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TRIPTYCH - Triptych

TRIPTYCH - Triptych
Private Label TTCD1101

A trio, of course: Montreal fiddler Laura Risk, Boston Irish singer Paddy League, and a lady stepdancer who goes by the name Kieran Jordan, Triptych take a pleasingly understated approach to mainly Irish and Scottish music. Theirs is a quite contemporary acoustic style, sparse melodies set against criss-crossing rhythms, but the delicate touch and precise intonation are timeless. Laura's fiddle fronts nine tracks, with Paddy only rarely plucking the melody, although he sings three songs and adds drums to his rhythmic guitar. Kieran's feet grace all but two tracks: using a variety of shoes and surfaces, her contribution ranges from subtle sean nós shuffles to full-on tap steps. Combining music and step dance is a strong Canadian thread which is spreading fast, and this recording can only help: Kieran's feet are wonderfully expressive as she weaves around guitar and fiddle. The visual side of her performance is obviously absent on a CD, but the website gives some idea of Kieran's presence on stage.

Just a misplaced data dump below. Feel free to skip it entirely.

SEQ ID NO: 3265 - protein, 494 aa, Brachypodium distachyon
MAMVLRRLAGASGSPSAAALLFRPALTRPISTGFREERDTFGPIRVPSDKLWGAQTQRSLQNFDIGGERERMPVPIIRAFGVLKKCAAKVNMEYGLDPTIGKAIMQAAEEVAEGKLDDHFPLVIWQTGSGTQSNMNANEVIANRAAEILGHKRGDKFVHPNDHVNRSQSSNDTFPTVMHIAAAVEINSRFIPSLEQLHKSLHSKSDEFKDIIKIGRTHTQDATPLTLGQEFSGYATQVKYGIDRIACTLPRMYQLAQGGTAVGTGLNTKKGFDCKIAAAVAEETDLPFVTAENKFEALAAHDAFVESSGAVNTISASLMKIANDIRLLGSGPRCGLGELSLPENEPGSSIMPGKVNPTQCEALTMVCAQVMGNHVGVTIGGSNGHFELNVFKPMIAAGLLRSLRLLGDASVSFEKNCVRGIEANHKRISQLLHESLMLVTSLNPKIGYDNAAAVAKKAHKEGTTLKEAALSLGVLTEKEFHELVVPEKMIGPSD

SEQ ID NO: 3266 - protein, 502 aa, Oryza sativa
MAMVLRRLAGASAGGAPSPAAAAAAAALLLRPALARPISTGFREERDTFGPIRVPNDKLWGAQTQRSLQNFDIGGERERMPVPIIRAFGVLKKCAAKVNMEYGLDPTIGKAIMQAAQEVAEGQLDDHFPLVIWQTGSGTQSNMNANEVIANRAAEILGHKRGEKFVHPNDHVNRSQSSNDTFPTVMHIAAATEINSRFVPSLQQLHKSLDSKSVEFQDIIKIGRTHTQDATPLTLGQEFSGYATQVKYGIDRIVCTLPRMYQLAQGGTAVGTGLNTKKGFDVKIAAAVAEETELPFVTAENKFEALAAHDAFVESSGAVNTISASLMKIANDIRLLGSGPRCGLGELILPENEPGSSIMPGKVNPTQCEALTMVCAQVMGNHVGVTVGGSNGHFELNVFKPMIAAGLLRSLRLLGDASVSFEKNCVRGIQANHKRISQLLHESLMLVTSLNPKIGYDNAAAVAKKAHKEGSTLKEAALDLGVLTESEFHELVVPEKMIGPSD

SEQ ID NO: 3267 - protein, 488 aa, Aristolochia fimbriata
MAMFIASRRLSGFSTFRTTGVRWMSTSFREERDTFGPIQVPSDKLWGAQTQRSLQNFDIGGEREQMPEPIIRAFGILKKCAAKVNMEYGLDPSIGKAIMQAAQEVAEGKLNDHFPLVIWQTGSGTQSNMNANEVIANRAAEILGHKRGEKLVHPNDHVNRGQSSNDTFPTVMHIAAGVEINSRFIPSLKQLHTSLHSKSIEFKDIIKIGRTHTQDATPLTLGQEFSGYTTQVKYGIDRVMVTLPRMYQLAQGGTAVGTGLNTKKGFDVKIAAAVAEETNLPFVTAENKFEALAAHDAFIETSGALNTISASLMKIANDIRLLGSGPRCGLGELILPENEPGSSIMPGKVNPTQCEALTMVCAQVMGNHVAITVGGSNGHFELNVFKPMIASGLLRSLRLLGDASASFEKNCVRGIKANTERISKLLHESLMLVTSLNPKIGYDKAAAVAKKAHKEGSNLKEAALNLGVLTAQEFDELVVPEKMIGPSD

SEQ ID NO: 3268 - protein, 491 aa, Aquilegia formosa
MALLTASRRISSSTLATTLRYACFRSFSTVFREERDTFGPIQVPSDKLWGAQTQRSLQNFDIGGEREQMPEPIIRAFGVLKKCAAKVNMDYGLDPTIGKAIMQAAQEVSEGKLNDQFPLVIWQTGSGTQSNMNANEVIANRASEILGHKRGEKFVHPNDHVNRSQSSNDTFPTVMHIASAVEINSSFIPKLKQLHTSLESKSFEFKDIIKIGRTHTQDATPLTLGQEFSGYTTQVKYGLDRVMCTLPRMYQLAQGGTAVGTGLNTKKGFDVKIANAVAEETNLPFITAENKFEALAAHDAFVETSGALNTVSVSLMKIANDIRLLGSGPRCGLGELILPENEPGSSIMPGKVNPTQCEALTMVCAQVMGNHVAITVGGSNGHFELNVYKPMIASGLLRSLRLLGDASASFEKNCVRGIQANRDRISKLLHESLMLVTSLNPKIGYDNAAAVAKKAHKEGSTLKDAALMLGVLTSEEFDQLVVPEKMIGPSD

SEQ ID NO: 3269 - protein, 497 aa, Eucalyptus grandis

So what's on these twelve tracks? Four old Scottish reels which show Laura's affinity with the playing of Alasdair Fraser, a powerful up-tempo Irish Gaelic song of unrequited love, two luscious Irish hornpipes, a quirky League slow jig and an earthy Galician march, William Jackson's air The House On The Hill which seems bland by comparison, and another pair of jigs with Paddy's catchy composition Lady Washington ending the first half of this debut CD. Side two (remember those?) starts with another striking Irish vocal, a poem set to music by Mr League, moving into a high-energy set of Canadian reels, before two more tasty Paddy tunes and some bewildering rhythms bring us to the final three jigs. There are a couple of weak points - a Ewan McColl song which doesn't quite measure up to the Gaelic numbers, and a version of Cailín an Tí Mór which steps alarmingly out of its Celtic mode - but the rest of this recording is excellent. Stripping away the layers of larger groups to reveal the music underneath, Triptych show that less can be more than enough.
Alex Monaghan

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This album was reviewed in Issue 91 of The Living Tradition magazine.